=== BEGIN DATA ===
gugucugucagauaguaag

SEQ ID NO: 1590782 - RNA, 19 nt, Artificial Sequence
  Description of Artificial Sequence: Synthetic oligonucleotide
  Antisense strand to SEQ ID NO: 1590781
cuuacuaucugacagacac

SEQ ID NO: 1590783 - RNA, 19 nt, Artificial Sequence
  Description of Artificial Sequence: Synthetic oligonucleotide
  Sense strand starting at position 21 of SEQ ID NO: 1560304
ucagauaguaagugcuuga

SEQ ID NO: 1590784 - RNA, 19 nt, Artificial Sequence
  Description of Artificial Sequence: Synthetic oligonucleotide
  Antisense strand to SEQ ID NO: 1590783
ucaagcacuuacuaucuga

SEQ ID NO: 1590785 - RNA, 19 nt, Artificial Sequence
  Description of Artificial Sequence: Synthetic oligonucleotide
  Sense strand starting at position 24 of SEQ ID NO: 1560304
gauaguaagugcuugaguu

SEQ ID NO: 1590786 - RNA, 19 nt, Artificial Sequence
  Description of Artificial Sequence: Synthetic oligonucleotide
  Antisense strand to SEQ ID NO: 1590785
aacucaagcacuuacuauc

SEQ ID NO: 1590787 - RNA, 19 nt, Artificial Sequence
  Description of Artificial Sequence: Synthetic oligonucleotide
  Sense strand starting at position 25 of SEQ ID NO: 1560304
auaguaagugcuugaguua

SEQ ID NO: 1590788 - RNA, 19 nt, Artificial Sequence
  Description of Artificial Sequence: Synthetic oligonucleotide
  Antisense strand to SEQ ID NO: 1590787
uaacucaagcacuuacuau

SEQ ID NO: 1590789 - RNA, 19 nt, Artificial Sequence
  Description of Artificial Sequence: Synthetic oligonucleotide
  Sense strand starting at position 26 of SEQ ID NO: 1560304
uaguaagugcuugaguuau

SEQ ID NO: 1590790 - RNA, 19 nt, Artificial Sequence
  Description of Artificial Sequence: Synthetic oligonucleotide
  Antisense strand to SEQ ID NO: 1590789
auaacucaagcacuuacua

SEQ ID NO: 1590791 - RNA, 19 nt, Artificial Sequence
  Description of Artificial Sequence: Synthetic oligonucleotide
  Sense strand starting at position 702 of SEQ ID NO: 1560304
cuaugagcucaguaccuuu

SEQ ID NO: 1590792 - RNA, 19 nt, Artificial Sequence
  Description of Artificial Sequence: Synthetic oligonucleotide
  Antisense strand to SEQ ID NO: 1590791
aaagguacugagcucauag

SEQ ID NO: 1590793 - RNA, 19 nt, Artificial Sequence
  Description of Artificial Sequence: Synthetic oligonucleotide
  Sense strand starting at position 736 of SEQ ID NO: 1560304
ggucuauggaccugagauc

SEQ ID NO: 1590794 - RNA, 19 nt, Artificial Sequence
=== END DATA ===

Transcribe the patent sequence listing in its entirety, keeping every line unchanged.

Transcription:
gugucugucagauaguaag

SEQ ID NO: 1590782 - RNA, 19 nt, Artificial Sequence
  Description of Artificial Sequence: Synthetic oligonucleotide
  Antisense strand to SEQ ID NO: 1590781
cuuacuaucugacagacac

SEQ ID NO: 1590783 - RNA, 19 nt, Artificial Sequence
  Description of Artificial Sequence: Synthetic oligonucleotide
  Sense strand starting at position 21 of SEQ ID NO: 1560304
ucagauaguaagugcuuga

SEQ ID NO: 1590784 - RNA, 19 nt, Artificial Sequence
  Description of Artificial Sequence: Synthetic oligonucleotide
  Antisense strand to SEQ ID NO: 1590783
ucaagcacuuacuaucuga

SEQ ID NO: 1590785 - RNA, 19 nt, Artificial Sequence
  Description of Artificial Sequence: Synthetic oligonucleotide
  Sense strand starting at position 24 of SEQ ID NO: 1560304
gauaguaagugcuugaguu

SEQ ID NO: 1590786 - RNA, 19 nt, Artificial Sequence
  Description of Artificial Sequence: Synthetic oligonucleotide
  Antisense strand to SEQ ID NO: 1590785
aacucaagcacuuacuauc

SEQ ID NO: 1590787 - RNA, 19 nt, Artificial Sequence
  Description of Artificial Sequence: Synthetic oligonucleotide
  Sense strand starting at position 25 of SEQ ID NO: 1560304
auaguaagugcuugaguua

SEQ ID NO: 1590788 - RNA, 19 nt, Artificial Sequence
  Description of Artificial Sequence: Synthetic oligonucleotide
  Antisense strand to SEQ ID NO: 1590787
uaacucaagcacuuacuau

SEQ ID NO: 1590789 - RNA, 19 nt, Artificial Sequence
  Description of Artificial Sequence: Synthetic oligonucleotide
  Sense strand starting at position 26 of SEQ ID NO: 1560304
uaguaagugcuugaguuau

SEQ ID NO: 1590790 - RNA, 19 nt, Artificial Sequence
  Description of Artificial Sequence: Synthetic oligonucleotide
  Antisense strand to SEQ ID NO: 1590789
auaacucaagcacuuacua

SEQ ID NO: 1590791 - RNA, 19 nt, Artificial Sequence
  Description of Artificial Sequence: Synthetic oligonucleotide
  Sense strand starting at position 702 of SEQ ID NO: 1560304
cuaugagcucaguaccuuu

SEQ ID NO: 1590792 - RNA, 19 nt, Artificial Sequence
  Description of Artificial Sequence: Synthetic oligonucleotide
  Antisense strand to SEQ ID NO: 1590791
aaagguacugagcucauag

SEQ ID NO: 1590793 - RNA, 19 nt, Artificial Sequence
  Description of Artificial Sequence: Synthetic oligonucleotide
  Sense strand starting at position 736 of SEQ ID NO: 1560304
ggucuauggaccugagauc

SEQ ID NO: 1590794 - RNA, 19 nt, Artificial Sequence